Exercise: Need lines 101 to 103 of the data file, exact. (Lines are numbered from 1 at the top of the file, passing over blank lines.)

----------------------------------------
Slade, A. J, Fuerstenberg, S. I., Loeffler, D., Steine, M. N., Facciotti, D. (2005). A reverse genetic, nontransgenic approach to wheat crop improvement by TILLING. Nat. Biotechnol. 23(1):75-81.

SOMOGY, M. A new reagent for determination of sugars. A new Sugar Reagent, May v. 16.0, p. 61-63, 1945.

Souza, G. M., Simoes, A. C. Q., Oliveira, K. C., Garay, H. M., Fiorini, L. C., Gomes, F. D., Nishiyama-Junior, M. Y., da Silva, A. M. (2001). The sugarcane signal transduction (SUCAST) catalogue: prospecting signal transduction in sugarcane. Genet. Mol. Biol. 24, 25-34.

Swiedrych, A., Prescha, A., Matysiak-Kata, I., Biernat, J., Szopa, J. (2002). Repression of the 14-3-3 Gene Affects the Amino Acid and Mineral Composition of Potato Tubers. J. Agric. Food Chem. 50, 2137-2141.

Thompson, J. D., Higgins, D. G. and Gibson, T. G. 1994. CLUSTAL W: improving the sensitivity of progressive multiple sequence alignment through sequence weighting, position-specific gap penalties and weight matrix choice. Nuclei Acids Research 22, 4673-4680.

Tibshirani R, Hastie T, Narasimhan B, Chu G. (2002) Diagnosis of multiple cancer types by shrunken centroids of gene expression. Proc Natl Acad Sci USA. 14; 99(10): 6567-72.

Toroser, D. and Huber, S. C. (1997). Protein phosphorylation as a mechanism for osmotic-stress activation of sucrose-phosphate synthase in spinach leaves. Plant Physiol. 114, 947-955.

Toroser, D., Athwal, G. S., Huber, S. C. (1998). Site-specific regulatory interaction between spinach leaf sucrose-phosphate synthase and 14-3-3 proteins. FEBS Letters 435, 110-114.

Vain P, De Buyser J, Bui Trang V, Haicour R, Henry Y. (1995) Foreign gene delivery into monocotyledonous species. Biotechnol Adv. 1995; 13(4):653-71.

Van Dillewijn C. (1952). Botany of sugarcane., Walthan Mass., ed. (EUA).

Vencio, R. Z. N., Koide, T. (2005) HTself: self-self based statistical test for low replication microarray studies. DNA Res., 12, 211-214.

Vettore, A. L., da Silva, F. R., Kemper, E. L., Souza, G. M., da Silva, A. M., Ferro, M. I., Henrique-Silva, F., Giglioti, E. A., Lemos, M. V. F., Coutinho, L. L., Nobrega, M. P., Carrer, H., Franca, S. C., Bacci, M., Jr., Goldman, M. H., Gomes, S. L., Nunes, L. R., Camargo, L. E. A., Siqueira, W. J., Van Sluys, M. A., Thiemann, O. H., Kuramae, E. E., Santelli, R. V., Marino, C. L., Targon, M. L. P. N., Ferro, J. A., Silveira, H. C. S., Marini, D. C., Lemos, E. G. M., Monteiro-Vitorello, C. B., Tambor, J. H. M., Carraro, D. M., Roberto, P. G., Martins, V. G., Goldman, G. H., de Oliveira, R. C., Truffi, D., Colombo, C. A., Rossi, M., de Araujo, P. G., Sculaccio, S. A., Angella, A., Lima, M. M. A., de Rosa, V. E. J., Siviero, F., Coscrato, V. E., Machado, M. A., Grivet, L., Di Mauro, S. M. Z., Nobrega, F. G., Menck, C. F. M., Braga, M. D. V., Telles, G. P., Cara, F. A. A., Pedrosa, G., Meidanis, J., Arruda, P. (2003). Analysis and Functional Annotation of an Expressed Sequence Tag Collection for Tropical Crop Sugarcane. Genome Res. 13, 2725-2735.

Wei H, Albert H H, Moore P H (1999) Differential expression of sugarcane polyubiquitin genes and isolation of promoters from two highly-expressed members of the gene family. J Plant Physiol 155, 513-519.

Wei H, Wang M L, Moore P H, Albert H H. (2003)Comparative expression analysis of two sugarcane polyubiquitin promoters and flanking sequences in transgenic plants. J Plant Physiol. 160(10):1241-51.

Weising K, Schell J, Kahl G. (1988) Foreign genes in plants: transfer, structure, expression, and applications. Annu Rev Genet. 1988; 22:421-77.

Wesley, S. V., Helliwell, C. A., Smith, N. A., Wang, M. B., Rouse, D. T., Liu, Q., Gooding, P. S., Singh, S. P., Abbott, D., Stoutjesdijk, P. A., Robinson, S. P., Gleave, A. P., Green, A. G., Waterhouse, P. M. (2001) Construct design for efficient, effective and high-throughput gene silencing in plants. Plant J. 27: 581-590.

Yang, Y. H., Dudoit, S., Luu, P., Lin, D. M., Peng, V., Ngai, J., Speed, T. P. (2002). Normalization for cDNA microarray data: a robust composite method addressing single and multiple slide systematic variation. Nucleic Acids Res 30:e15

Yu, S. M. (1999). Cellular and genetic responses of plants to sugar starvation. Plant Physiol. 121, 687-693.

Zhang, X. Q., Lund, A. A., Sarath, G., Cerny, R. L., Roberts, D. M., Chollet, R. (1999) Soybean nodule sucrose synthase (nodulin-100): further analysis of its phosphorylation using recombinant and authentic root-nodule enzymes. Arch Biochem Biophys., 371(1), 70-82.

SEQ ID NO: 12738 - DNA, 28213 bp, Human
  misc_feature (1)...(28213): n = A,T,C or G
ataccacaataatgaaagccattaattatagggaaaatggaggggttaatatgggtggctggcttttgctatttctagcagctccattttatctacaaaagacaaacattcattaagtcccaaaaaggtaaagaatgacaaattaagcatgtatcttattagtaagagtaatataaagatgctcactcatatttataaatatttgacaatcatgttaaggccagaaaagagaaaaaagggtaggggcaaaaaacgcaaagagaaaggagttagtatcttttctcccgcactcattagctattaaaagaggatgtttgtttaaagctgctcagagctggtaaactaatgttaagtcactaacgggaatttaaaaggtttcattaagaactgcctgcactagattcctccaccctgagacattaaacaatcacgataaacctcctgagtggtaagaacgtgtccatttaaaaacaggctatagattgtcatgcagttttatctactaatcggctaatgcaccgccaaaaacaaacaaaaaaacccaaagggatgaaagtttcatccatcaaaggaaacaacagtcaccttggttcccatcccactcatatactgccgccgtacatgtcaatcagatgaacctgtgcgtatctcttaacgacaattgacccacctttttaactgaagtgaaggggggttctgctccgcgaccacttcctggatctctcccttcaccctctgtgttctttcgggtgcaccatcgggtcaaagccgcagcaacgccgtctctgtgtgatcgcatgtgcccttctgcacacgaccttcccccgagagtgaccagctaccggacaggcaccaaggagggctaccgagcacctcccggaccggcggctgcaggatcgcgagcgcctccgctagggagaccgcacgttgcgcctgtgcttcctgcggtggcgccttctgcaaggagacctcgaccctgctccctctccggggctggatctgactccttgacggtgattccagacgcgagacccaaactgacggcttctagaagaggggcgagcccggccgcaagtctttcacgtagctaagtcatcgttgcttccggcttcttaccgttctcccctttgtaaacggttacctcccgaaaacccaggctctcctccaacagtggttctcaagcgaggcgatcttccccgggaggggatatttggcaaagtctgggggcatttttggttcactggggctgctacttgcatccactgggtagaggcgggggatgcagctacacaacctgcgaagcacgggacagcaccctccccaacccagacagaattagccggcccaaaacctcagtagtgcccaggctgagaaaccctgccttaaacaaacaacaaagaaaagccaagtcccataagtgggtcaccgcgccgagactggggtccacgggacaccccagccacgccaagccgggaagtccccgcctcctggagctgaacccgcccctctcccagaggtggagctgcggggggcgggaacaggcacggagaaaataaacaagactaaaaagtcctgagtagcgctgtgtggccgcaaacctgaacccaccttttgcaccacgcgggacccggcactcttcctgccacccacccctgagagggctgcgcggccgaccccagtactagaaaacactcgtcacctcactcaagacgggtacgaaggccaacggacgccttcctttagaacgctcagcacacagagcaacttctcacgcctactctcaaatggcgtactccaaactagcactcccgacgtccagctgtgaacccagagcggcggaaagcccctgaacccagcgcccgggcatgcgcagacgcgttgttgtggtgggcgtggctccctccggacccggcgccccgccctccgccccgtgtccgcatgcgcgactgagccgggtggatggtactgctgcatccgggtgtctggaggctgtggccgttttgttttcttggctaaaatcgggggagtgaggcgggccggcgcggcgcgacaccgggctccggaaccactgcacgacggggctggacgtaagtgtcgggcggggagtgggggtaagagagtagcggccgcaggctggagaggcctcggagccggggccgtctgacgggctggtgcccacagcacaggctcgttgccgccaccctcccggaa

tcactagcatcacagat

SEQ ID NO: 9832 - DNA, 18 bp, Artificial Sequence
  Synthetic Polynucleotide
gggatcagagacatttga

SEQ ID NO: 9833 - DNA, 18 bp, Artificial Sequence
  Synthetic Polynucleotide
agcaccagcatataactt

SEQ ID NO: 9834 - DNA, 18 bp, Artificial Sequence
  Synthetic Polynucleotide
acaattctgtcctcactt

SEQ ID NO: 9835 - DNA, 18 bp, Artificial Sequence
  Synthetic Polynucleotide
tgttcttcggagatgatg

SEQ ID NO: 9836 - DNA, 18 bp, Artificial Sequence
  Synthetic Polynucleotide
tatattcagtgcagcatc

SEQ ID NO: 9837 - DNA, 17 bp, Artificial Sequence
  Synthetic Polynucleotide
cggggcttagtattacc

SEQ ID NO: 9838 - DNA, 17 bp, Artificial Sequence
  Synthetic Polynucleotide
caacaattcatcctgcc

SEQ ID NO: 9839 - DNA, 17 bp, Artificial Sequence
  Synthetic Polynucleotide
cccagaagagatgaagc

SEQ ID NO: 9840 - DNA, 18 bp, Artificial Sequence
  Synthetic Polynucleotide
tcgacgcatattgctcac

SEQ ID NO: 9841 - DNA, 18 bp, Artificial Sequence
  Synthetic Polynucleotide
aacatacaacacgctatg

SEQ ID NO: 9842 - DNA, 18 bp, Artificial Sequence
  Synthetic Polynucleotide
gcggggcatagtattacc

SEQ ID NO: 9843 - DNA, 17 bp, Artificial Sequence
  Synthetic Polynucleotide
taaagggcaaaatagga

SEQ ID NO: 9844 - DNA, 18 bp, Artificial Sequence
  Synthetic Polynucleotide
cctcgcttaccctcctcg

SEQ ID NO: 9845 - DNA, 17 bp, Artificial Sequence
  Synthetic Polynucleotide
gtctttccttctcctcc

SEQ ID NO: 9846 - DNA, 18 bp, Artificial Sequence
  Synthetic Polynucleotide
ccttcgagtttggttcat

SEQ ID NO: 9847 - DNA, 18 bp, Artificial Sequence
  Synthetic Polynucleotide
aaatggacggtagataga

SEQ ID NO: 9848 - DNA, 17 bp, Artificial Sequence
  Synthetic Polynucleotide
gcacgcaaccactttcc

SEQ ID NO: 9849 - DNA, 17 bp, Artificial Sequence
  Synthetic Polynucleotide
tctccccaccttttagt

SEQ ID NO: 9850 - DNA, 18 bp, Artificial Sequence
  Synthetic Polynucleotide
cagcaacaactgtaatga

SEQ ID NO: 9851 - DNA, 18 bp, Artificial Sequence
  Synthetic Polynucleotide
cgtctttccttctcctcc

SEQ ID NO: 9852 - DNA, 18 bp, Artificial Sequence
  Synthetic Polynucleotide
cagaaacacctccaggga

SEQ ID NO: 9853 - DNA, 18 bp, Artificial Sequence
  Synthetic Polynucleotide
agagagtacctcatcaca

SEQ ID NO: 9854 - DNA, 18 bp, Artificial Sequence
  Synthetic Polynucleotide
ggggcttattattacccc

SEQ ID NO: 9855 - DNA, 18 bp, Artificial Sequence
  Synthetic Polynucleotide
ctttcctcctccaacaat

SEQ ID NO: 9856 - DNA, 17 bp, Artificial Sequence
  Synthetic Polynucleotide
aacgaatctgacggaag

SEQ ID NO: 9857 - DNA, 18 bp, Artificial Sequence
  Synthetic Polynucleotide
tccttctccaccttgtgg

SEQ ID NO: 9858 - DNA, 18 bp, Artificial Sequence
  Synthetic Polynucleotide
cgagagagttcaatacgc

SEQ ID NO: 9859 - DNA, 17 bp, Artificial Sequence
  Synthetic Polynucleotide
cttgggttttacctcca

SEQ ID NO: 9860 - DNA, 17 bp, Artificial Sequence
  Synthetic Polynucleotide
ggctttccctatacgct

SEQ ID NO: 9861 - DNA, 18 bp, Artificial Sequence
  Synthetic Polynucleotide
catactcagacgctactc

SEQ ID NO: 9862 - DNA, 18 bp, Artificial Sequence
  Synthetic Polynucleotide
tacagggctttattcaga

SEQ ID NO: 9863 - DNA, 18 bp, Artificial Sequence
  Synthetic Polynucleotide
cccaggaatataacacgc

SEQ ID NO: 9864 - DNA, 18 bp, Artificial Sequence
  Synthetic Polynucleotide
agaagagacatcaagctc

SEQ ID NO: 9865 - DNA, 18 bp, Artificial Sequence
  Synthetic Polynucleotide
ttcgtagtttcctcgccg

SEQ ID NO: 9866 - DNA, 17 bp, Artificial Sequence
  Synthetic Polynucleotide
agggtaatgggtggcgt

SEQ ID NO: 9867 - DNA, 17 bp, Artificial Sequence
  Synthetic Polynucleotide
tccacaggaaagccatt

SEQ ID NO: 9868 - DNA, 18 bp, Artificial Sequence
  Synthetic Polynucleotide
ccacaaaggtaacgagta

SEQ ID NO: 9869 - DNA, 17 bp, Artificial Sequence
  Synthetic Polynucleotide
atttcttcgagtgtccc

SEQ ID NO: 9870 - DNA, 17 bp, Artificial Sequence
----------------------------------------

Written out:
tccttctccaccttgtgg

SEQ ID NO: 9858 - DNA, 18 bp, Artificial Sequence
  Synthetic Polynucleotide